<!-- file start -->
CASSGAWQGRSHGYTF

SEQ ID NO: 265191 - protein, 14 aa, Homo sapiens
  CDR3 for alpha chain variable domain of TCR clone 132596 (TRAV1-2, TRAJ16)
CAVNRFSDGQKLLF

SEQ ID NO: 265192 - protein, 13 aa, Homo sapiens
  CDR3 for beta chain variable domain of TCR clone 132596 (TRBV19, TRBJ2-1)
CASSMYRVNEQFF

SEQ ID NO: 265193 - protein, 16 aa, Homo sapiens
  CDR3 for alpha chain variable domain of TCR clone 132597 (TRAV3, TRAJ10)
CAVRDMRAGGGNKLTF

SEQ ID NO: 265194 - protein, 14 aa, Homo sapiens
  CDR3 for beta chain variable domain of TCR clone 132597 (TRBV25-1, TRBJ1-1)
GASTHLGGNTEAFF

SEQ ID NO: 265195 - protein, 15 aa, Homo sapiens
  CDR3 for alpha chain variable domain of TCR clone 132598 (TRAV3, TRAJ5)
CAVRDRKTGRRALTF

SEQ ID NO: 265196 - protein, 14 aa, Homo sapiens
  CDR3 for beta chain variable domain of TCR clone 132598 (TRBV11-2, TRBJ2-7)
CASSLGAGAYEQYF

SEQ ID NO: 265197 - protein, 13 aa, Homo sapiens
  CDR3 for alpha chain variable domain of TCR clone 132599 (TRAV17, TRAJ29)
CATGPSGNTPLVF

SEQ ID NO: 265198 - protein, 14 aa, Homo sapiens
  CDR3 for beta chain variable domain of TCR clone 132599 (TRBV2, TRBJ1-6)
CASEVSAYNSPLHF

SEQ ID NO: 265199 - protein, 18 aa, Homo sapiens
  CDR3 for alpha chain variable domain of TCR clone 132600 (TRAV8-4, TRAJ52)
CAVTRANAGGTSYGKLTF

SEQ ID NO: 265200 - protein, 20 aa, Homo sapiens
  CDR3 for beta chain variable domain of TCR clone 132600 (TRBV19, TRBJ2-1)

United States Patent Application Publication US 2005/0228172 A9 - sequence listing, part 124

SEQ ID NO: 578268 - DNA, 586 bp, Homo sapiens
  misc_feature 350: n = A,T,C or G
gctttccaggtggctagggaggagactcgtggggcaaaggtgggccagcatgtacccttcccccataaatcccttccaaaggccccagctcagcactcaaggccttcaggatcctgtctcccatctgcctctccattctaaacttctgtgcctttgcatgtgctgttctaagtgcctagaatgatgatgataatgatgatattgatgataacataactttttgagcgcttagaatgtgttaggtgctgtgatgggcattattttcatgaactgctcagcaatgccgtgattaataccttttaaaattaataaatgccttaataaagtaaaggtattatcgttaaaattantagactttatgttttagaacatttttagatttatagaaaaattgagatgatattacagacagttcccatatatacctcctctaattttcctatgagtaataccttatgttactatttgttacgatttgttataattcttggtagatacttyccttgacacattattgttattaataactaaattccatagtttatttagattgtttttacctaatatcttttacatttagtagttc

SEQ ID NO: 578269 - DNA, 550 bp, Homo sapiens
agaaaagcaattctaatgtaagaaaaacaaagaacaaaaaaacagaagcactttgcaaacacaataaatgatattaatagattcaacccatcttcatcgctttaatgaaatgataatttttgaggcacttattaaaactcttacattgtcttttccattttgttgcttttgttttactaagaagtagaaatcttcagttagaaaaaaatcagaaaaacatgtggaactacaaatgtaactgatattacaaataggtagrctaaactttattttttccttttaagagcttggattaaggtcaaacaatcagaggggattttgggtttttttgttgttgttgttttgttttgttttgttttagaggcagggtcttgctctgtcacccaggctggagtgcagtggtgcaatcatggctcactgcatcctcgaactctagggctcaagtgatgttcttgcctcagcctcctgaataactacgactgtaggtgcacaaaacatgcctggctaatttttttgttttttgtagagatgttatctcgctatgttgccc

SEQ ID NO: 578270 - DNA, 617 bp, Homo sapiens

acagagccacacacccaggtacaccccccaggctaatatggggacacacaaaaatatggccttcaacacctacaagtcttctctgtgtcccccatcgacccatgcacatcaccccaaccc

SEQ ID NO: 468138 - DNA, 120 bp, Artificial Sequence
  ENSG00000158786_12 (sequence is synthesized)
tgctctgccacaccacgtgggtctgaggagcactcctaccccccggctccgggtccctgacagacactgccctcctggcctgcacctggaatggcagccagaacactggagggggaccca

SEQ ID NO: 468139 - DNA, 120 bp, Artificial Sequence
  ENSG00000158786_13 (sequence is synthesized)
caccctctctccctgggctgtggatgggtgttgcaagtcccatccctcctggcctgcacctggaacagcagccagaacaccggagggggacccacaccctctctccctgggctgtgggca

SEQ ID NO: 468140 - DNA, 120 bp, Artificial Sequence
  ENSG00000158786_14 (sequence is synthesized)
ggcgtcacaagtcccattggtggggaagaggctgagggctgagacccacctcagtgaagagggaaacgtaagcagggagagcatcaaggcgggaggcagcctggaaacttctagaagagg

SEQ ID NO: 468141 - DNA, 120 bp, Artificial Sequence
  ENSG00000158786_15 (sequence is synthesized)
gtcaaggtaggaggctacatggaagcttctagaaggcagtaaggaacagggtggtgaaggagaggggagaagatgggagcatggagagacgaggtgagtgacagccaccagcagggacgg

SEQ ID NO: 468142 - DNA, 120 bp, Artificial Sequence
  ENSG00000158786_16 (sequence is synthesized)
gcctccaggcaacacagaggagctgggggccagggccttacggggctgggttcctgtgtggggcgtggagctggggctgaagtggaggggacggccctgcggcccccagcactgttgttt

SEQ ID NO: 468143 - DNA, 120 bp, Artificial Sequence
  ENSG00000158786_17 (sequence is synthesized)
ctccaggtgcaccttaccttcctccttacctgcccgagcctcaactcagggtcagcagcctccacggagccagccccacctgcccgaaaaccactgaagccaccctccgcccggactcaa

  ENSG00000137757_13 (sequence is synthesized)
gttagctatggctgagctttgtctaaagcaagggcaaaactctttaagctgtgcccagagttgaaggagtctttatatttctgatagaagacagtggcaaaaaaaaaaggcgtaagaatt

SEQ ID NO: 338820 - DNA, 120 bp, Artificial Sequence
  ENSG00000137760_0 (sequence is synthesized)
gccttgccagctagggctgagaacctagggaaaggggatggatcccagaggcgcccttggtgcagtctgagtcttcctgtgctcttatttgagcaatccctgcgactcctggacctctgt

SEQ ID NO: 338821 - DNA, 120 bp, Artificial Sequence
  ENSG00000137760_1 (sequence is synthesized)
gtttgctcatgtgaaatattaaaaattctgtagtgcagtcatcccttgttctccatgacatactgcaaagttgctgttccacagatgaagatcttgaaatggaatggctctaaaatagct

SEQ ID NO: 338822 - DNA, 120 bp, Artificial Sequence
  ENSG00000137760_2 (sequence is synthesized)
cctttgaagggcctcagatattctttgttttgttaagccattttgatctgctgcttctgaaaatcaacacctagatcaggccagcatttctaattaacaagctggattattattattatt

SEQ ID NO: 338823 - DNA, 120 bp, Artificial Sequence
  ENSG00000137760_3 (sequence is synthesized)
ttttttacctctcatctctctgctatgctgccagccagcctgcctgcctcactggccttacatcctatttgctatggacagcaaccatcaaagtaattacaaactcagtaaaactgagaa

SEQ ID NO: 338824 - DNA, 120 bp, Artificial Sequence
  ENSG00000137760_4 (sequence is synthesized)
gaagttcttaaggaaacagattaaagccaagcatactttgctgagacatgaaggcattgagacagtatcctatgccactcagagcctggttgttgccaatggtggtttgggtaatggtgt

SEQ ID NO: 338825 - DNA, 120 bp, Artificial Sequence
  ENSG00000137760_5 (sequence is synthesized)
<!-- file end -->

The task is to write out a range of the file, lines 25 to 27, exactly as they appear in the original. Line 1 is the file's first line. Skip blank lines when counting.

CASEVSAYNSPLHF

SEQ ID NO: 265199 - protein, 18 aa, Homo sapiens
  CDR3 for alpha chain variable domain of TCR clone 132600 (TRAV8-4, TRAJ52)